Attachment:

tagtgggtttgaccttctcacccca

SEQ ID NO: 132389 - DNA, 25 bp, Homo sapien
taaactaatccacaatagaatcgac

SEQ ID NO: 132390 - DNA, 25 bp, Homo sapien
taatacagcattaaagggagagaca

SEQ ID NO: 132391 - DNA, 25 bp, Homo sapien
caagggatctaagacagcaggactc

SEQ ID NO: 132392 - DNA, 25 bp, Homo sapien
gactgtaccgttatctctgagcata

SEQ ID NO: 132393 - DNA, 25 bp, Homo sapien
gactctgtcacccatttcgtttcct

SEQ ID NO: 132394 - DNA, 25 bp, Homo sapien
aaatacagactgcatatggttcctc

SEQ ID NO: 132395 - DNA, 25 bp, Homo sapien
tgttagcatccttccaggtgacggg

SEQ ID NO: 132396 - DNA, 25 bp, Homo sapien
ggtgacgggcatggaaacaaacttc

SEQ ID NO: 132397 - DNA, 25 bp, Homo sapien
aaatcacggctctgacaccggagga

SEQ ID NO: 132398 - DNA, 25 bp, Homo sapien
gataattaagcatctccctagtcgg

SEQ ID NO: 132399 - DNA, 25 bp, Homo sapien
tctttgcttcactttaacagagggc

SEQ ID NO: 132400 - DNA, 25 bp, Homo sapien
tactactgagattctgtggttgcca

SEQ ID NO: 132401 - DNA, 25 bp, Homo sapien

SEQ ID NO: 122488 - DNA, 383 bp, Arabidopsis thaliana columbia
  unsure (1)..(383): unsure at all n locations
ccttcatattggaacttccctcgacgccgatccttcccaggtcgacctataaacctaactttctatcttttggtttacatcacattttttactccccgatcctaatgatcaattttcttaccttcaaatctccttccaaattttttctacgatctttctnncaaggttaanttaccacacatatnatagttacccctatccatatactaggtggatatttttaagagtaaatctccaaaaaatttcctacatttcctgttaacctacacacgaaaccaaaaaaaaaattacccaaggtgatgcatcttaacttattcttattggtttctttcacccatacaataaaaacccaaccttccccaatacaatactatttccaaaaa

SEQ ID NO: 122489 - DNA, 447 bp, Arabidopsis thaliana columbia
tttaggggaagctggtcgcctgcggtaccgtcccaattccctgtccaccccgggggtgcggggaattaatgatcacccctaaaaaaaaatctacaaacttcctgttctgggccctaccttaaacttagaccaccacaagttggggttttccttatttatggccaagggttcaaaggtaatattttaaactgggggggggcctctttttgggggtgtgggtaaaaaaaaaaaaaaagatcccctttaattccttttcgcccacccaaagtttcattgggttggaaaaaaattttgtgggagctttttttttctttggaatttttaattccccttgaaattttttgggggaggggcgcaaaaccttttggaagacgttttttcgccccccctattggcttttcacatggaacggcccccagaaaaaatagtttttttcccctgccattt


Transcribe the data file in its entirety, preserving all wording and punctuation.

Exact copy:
tagtgggtttgaccttctcacccca

SEQ ID NO: 132389 - DNA, 25 bp, Homo sapien
taaactaatccacaatagaatcgac

SEQ ID NO: 132390 - DNA, 25 bp, Homo sapien
taatacagcattaaagggagagaca

SEQ ID NO: 132391 - DNA, 25 bp, Homo sapien
caagggatctaagacagcaggactc

SEQ ID NO: 132392 - DNA, 25 bp, Homo sapien
gactgtaccgttatctctgagcata

SEQ ID NO: 132393 - DNA, 25 bp, Homo sapien
gactctgtcacccatttcgtttcct

SEQ ID NO: 132394 - DNA, 25 bp, Homo sapien
aaatacagactgcatatggttcctc

SEQ ID NO: 132395 - DNA, 25 bp, Homo sapien
tgttagcatccttccaggtgacggg

SEQ ID NO: 132396 - DNA, 25 bp, Homo sapien
ggtgacgggcatggaaacaaacttc

SEQ ID NO: 132397 - DNA, 25 bp, Homo sapien
aaatcacggctctgacaccggagga

SEQ ID NO: 132398 - DNA, 25 bp, Homo sapien
gataattaagcatctccctagtcgg

SEQ ID NO: 132399 - DNA, 25 bp, Homo sapien
tctttgcttcactttaacagagggc

SEQ ID NO: 132400 - DNA, 25 bp, Homo sapien
tactactgagattctgtggttgcca

SEQ ID NO: 132401 - DNA, 25 bp, Homo sapien

SEQ ID NO: 122488 - DNA, 383 bp, Arabidopsis thaliana columbia
  unsure (1)..(383): unsure at all n locations
ccttcatattggaacttccctcgacgccgatccttcccaggtcgacctataaacctaactttctatcttttggtttacatcacattttttactccccgatcctaatgatcaattttcttaccttcaaatctccttccaaattttttctacgatctttctnncaaggttaanttaccacacatatnatagttacccctatccatatactaggtggatatttttaagagtaaatctccaaaaaatttcctacatttcctgttaacctacacacgaaaccaaaaaaaaaattacccaaggtgatgcatcttaacttattcttattggtttctttcacccatacaataaaaacccaaccttccccaatacaatactatttccaaaaa

SEQ ID NO: 122489 - DNA, 447 bp, Arabidopsis thaliana columbia
tttaggggaagctggtcgcctgcggtaccgtcccaattccctgtccaccccgggggtgcggggaattaatgatcacccctaaaaaaaaatctacaaacttcctgttctgggccctaccttaaacttagaccaccacaagttggggttttccttatttatggccaagggttcaaaggtaatattttaaactgggggggggcctctttttgggggtgtgggtaaaaaaaaaaaaaaagatcccctttaattccttttcgcccacccaaagtttcattgggttggaaaaaaattttgtgggagctttttttttctttggaatttttaattccccttgaaattttttgggggaggggcgcaaaaccttttggaagacgttttttcgccccccctattggcttttcacatggaacggcccccagaaaaaatagtttttttcccctgccattt